A decision by the highest court in the land may soon have repercussions in the Black Belt after the United States Supreme Court upheld a decision that ruled Alabama’s congressional maps violated Section 2 of the Voting Rights Act.
Two consolidated cases, arising from a new congressional district map drawn by the Alabama Legislature after the 2020 census, were challenged by individual voters and the Alabama State Conference of the NAACP. Sen. Bobby Singleton of Greensboro was among the Plaintiffs.
The challengers argued that the map discriminated against Black voters, as it created only one district out of seven in the state where Black voters could elect a candidate of their choosing, despite Alabama’s population being more than a quarter African-American.
The decision has implications for Alabama’s 7th Congressional District, the state’s only majority-minority district, which spans from parts of Birmingham to Tuscaloosa to Montgomery and across most of the Black Belt region. That district includes all of Hale and Perry Counties.
For the past 31 years, the district has been the sole majority Black district in Alabama, and for 12 of those years, U.S. Rep. Terri Sewell has been its Representative. Sewell, a self-described “daughter of the Black Belt,” expressed her views on the future of her district, which is likely to be divided to create a second majority-minority district in the state, in a press conference following the decision on Thursday.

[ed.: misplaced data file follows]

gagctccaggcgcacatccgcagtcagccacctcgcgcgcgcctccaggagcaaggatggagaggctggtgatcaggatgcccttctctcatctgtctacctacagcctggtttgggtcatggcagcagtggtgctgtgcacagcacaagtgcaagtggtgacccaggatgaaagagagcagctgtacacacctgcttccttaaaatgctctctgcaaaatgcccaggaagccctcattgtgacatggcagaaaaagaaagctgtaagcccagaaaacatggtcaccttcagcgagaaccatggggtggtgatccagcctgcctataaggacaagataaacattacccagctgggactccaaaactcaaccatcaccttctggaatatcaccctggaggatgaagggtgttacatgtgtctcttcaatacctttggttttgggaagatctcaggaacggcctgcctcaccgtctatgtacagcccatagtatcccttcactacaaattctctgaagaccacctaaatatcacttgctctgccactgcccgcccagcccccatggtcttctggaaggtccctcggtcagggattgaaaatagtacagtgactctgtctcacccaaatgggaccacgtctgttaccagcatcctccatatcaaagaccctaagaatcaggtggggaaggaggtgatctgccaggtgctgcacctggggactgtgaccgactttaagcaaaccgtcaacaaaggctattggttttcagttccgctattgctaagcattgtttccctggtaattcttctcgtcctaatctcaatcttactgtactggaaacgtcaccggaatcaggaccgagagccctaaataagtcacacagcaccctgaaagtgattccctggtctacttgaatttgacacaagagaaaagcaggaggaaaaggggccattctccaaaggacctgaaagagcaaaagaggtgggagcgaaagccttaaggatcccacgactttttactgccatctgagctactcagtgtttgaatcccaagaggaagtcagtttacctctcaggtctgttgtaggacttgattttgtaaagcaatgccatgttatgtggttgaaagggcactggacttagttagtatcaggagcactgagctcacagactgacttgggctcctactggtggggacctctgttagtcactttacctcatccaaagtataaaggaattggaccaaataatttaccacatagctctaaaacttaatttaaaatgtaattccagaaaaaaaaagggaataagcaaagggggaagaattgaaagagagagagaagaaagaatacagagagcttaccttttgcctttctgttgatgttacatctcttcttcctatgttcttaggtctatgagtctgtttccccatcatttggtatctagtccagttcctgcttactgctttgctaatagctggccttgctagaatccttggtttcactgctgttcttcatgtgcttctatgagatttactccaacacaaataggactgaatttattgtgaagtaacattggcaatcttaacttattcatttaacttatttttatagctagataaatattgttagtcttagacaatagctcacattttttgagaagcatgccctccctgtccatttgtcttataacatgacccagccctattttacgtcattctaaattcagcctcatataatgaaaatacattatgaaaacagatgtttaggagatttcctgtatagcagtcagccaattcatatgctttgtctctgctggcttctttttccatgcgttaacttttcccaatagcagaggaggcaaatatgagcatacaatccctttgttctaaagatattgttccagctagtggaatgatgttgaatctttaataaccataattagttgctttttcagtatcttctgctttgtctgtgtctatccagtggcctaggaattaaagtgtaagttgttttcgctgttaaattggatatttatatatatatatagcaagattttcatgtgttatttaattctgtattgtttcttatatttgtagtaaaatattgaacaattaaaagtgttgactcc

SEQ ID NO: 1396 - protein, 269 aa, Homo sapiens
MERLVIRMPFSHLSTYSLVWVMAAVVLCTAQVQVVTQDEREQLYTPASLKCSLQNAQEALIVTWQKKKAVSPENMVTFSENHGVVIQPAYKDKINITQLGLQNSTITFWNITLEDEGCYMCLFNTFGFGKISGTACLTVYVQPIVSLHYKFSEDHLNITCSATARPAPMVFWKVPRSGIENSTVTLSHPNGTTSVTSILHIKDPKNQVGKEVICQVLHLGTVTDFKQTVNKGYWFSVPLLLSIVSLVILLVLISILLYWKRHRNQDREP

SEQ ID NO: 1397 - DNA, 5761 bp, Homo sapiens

“It’s a small price to pay to carve up my district in order to be able to have two majority-minority districts,” Sewell said, acknowledging that the redrawing of the map could result in Birmingham and Selma no longer being included in the same district. Despite this, she expressed a commitment to continue representing the 7th Congressional District, whatever its boundaries may be after the redistricting .
Sewell voiced concerns about the potential impact on rural Alabama, saying, “But in order to create another district where minority voters can actually choose their representation, that would require breaking up the Black Belt. I’ve always been concerned about that because I think it’s really important that rural America — rural Alabama — gets strong and fair representation as well. Progress demands that you make sacrifices.”
While the timeline for the new congressional maps is unclear, Sewell said she anticipates that a finalized version could be ready for the 2024 election, if not sooner. She also urged for swift action, indicating that there could be serious implications for misrepresented Alabamians if the process is delayed.
This landmark decision could have repercussions beyond the Black Belt. Other states, like Louisiana, which also have only one majority-minority district, may have to reassess their maps as well.